Heavy rain continued to loom over the islands two months after the typhoon. The compounded impact of the typhoon and the COVID-19 pandemic has exacerbated the living condition of many Dinagat residents. Dinagat Islands belong to one of the poorest regions in the country and are considered as one of the most geographically isolated and disadvantaged areas. According to the Philippines Statistics Authority, its poverty incidence is at 30.3% as of first half of 2021, which means that almost one-third of its population is living below the poverty line.
The loss of opportunities due to restriction in mobility during the pandemic and the loss of livelihood after the typhoon aggravated even further the marginalized sectors, including farmers, fishers, and small entrepreneurs.
In the wake of Odette, the provincial and municipal local government units continued to deliver essential services from make-shift offices and operation centers. In the LGU of Dinagat, the municipal hall buildings were heavily damaged. The LGU staff tried to save old documents including court records and evidence. They converted the town’s covered plaza into a makeshift coordination center and triage for frontline services, repacking of relief goods, and emergency operations. Barangay halls were also converted to community kitchens.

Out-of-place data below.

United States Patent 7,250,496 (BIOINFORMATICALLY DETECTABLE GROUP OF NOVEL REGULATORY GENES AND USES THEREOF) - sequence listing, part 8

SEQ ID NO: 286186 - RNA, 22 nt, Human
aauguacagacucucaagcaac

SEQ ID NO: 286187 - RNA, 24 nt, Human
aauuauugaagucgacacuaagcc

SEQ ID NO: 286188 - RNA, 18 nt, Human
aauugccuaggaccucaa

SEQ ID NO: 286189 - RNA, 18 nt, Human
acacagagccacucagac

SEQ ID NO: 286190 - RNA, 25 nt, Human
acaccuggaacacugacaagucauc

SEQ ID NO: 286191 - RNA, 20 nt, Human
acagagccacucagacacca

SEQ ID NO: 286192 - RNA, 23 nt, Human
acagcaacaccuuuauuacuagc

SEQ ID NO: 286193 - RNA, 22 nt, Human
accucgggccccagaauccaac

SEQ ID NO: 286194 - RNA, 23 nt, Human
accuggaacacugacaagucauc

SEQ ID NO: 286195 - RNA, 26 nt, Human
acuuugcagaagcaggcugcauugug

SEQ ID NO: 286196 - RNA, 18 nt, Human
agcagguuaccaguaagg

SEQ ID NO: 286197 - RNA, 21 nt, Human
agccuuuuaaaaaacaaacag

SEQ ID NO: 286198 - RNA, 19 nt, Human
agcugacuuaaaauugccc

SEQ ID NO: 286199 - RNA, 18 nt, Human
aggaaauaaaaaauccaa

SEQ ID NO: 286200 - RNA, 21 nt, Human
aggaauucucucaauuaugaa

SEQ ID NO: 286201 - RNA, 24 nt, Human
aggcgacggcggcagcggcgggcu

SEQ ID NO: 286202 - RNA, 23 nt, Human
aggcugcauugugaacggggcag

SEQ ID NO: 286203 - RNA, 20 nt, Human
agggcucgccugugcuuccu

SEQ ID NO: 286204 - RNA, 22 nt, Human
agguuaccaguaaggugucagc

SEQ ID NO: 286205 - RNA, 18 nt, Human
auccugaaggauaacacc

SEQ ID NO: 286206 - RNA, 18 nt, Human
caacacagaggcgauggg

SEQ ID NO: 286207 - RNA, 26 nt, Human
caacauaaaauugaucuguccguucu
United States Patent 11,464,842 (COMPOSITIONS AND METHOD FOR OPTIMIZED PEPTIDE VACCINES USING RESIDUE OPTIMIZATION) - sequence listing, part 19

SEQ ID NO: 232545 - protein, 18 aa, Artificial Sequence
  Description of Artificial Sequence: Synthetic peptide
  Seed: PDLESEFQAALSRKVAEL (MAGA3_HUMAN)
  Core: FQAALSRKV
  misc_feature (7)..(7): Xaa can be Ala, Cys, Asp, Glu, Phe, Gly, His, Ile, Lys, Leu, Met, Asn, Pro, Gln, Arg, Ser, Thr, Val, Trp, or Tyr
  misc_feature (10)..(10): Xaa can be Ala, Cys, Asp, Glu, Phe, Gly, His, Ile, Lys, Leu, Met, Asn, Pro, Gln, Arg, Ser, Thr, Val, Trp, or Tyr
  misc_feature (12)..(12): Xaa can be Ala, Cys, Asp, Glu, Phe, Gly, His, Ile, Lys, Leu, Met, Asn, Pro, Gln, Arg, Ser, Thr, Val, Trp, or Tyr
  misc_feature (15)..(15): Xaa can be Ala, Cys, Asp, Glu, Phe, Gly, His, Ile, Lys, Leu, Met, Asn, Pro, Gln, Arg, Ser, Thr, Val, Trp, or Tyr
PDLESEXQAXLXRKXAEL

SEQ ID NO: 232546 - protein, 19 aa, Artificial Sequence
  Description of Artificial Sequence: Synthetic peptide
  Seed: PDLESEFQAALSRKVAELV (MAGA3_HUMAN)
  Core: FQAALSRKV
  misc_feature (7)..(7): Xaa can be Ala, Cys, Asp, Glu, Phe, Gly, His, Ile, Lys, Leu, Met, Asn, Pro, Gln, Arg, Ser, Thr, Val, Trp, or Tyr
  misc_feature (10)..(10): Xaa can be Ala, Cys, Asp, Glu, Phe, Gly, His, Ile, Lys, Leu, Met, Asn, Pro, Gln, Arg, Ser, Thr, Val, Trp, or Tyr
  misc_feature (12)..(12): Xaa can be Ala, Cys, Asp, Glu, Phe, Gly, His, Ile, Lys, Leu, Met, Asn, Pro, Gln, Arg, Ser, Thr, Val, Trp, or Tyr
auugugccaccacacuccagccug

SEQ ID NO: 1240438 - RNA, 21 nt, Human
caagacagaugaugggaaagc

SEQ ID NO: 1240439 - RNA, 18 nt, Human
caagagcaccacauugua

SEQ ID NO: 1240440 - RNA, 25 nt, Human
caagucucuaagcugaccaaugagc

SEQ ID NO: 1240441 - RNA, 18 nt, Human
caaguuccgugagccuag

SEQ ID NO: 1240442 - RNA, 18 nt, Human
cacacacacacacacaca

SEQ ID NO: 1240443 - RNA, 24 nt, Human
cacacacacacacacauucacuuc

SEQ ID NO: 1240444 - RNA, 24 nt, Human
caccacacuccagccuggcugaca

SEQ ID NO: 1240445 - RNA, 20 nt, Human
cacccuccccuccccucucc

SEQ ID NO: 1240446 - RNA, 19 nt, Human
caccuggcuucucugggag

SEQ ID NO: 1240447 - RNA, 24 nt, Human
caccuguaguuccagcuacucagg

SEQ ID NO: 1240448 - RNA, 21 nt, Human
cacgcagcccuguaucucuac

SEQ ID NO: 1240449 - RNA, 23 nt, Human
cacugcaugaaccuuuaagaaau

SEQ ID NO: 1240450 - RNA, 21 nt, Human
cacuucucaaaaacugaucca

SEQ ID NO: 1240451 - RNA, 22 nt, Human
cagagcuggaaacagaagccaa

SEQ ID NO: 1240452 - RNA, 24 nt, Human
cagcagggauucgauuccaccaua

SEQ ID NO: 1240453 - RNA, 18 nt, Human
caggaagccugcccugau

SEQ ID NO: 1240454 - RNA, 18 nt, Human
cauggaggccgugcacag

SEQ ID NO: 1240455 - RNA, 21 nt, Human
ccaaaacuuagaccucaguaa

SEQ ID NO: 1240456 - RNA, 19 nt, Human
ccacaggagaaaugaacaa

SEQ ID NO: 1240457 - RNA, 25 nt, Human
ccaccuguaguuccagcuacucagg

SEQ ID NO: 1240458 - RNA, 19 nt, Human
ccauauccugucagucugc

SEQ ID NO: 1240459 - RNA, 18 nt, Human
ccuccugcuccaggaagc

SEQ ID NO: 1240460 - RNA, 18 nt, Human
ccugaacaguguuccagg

“We rely on the provincial government’s subsidy for our community kitchen. It has been running since day one after the typhoon hit us. At least once a day, we provide hot porridge to community members. We prioritize children and elderlies. We have 17 barangay health workers who shift rotation — both to attend to the community kitchen and perform pandemic duties,” said Josefa Asuncion, one of the barangay counselors in New Mabuhay, Dinagat Island.
To connect to the internet, the entire province heavily relies on one unit of satellite Wi-Fi deployed by the Department of Information and Communication Technology. This sole satellite Wi-Fi unit connects the provincial operation center of Dinagat Islands to the national government, humanitarian organizations, and other key development partners to ensure that information necessary to facilitate the delivery of aid will reach the agencies.
Recovery and Resilience from Day 1 of Response
For a country faced with recurring crises, particularly due to extreme weather events, collective thinking and subsequent action that combine life-saving and life sustaining are warranted to help the people build back. Losses and damages due to Typhoon Odette are proof that extreme weather events are increasingly becoming more frequent at an unacceptable rate, which peaked at 4% of the GDP in 2013 due to Super Typhoon Haiyan.